Evidence suggests that certain dog breeds are more dangerous and prone to aggression than other dog breeds. According to the Center for Disease Control and Prevention (CDC), the two most dangerous and deadly dog breeds in America are Pitbulls and Rottweilers. Although these breeds are known to be more aggressive, not all dogs of these breeds are dangerous.
Strong and stocky, the Pit Bull backs more muscles per pound of body weight than any other dog breed.
Today’s Pit Bull is a descendant of the English bull-baiting dog. These dogs were originally trained to pin down bulls by grabbing onto their snouts and wrestling the animals until they turned on their sides. When bating large animals was banned in the 1900s, people turned to fighting dogs against each other. As the years passed, some bull-baiting dogs were crossed with other breeds, such as terriers, to produce a more athletic dog. Other Pitbulls were bred for work and companionship, creating a gentler dog known for affection and loyalty. The vast majority of Pit Bull dogs today are a result of random breeding, which has created a wide range of behavioral predispositions. It is important to be cautious around these dogs, but realize each dog is an individual and aggressive behavior develops through a complex interaction between both its environment and genetics.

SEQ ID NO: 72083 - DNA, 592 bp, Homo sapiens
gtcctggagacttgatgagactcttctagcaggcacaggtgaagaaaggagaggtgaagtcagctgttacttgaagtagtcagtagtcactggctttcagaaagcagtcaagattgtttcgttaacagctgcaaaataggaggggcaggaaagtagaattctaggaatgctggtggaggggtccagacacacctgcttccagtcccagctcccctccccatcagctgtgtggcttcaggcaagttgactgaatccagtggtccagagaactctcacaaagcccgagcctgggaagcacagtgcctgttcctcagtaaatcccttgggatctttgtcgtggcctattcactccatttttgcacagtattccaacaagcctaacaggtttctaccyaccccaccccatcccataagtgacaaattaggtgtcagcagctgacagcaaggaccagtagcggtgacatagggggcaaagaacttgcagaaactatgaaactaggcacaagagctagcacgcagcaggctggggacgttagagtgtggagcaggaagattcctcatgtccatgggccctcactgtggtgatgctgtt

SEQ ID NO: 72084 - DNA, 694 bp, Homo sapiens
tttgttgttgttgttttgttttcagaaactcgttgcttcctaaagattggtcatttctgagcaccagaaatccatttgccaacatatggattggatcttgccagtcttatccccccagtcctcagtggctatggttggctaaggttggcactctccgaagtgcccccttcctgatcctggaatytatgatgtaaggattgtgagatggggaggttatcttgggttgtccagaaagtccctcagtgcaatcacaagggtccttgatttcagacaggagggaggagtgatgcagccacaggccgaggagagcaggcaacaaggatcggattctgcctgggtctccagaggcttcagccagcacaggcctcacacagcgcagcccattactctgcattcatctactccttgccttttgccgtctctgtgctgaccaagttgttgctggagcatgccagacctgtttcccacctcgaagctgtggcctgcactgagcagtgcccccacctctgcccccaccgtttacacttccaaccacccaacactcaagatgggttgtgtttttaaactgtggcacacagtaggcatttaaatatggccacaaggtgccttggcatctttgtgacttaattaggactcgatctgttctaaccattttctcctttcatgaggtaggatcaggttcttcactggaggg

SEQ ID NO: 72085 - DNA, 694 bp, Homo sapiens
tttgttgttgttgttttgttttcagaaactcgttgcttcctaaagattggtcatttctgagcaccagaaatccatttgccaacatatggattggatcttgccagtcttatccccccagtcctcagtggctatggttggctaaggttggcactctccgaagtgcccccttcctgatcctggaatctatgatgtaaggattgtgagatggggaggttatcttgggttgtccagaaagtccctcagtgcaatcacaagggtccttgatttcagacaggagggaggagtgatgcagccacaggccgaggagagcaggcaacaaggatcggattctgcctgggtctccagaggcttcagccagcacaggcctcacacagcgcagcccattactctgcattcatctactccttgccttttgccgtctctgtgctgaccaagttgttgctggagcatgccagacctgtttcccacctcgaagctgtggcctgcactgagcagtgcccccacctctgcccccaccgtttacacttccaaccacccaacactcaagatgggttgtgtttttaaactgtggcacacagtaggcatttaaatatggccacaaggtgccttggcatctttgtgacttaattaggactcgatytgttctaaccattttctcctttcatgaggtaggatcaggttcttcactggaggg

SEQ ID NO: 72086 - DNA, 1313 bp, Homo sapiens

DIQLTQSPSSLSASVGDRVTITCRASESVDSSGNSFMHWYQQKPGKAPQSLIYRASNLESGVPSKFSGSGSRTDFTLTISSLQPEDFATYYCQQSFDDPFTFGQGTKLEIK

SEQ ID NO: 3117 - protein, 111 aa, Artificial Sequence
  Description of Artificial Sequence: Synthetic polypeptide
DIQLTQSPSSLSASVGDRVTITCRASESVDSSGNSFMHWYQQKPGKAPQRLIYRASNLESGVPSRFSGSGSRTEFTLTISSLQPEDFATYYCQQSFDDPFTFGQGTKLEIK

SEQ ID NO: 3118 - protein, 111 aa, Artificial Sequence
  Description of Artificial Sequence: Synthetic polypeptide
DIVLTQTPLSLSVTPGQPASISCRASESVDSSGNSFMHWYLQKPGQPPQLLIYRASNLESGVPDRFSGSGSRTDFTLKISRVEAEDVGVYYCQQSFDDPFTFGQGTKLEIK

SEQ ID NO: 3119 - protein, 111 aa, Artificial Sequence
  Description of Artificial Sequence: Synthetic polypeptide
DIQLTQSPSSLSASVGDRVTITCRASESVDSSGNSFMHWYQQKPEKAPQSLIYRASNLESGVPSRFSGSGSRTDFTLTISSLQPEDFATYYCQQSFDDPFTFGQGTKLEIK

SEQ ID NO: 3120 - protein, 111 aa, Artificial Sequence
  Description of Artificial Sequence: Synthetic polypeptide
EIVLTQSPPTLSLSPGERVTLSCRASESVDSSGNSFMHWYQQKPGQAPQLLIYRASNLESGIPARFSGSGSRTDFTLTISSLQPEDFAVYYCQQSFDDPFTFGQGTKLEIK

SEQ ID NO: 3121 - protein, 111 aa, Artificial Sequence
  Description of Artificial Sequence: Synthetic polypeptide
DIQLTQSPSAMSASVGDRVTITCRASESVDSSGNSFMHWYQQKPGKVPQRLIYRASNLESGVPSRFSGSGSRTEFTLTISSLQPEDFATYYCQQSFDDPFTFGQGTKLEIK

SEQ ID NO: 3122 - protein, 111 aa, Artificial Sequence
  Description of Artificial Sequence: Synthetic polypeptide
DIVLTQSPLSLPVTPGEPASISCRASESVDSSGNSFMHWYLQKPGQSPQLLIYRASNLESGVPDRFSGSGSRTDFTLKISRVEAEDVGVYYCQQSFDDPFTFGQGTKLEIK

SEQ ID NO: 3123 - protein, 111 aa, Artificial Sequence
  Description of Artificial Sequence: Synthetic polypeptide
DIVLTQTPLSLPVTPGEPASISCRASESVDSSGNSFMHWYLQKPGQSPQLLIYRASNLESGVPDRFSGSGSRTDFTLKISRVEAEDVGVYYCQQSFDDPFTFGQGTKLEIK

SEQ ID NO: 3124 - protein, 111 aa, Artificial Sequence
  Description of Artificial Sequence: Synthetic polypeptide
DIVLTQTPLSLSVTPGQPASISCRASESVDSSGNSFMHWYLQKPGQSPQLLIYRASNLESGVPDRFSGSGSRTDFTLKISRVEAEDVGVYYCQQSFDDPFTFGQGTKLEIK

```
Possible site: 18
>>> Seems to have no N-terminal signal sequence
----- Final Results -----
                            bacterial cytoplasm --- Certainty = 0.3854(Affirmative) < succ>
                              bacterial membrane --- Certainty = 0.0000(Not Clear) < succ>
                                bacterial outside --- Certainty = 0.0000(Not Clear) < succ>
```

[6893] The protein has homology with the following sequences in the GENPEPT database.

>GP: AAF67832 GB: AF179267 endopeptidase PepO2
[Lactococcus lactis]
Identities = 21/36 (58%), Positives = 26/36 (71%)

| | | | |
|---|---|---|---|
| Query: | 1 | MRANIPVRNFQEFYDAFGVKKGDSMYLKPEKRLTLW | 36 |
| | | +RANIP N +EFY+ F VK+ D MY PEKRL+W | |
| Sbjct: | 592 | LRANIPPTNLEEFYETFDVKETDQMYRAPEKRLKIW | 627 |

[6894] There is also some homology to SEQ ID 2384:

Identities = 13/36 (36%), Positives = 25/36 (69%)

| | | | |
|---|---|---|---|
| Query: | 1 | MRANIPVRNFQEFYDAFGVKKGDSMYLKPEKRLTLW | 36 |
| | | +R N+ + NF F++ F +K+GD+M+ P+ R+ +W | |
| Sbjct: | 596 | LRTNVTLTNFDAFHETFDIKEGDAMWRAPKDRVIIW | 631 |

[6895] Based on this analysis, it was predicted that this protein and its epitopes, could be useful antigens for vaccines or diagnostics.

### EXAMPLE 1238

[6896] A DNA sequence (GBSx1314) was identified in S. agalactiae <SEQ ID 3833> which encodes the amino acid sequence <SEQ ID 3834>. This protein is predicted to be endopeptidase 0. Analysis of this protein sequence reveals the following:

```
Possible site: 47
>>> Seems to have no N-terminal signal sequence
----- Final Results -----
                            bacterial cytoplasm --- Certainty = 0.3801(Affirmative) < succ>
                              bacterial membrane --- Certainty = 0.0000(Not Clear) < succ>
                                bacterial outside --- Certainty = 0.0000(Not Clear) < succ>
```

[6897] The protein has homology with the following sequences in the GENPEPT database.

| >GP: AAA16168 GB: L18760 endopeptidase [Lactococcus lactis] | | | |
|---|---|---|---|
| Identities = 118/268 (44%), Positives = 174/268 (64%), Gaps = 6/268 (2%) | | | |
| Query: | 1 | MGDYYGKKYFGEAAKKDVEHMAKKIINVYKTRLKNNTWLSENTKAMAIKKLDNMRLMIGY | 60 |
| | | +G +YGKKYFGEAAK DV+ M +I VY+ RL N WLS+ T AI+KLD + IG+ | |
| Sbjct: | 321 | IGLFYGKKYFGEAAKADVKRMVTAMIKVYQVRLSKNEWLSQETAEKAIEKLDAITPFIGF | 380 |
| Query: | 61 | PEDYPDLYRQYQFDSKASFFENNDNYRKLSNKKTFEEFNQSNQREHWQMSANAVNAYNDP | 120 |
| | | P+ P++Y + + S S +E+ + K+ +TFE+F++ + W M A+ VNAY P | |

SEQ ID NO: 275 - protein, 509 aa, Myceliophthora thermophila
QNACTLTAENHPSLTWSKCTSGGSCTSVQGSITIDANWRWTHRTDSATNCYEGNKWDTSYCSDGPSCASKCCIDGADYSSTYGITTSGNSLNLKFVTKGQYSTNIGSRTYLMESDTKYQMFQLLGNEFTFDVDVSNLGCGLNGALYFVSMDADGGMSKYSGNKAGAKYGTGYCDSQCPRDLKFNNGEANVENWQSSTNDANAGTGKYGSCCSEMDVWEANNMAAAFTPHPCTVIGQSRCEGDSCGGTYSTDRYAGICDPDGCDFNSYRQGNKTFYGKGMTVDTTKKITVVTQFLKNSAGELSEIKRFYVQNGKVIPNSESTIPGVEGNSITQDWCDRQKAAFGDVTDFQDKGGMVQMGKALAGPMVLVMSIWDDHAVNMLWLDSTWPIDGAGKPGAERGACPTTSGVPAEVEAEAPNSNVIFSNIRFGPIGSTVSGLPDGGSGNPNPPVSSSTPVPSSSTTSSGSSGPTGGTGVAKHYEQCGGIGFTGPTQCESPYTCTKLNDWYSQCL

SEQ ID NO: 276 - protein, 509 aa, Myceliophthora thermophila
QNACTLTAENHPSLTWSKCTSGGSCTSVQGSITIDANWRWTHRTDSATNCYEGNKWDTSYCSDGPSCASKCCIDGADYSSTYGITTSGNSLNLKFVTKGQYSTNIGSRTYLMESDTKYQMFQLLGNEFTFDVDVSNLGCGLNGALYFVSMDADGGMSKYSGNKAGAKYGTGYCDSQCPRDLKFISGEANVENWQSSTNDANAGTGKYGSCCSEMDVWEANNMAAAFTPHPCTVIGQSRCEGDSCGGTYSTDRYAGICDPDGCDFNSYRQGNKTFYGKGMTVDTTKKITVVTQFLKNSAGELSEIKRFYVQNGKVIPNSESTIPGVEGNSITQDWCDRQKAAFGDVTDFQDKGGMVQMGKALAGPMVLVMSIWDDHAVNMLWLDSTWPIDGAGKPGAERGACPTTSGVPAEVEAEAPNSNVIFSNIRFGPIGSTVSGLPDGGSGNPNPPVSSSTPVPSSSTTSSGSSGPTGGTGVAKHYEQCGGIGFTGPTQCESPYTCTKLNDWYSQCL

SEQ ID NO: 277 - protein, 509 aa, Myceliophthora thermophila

Depending on their personality and social environment, the massive and muscled Rottweiler can be a gentle giant or a scary beast.
Today’s Rottweilers descended from dogs that the Romans used to drive herds that fed the army as it marched through Europe. Later, Rottweilers were bred with local dogs in the town of Rottweil to create strong dogs made for driving cattle to market for butchers. Rottweilers serve many roles in our present day. They are used as police dogs, herding dogs, service dogs, and therapy dogs. However, with a long history of protecting property and livestock, this breed tends to be territorial and can sometimes act out with aggression. While some Rottweilers are raised friendly, obedient, and eager to work, not all are safe. Equipped with a large head and wide jaw, don’t underestimate this dog’s power and protectiveness.
Remember that ANY dog can bite, no matter its breed, environment, or how well-trained it may be!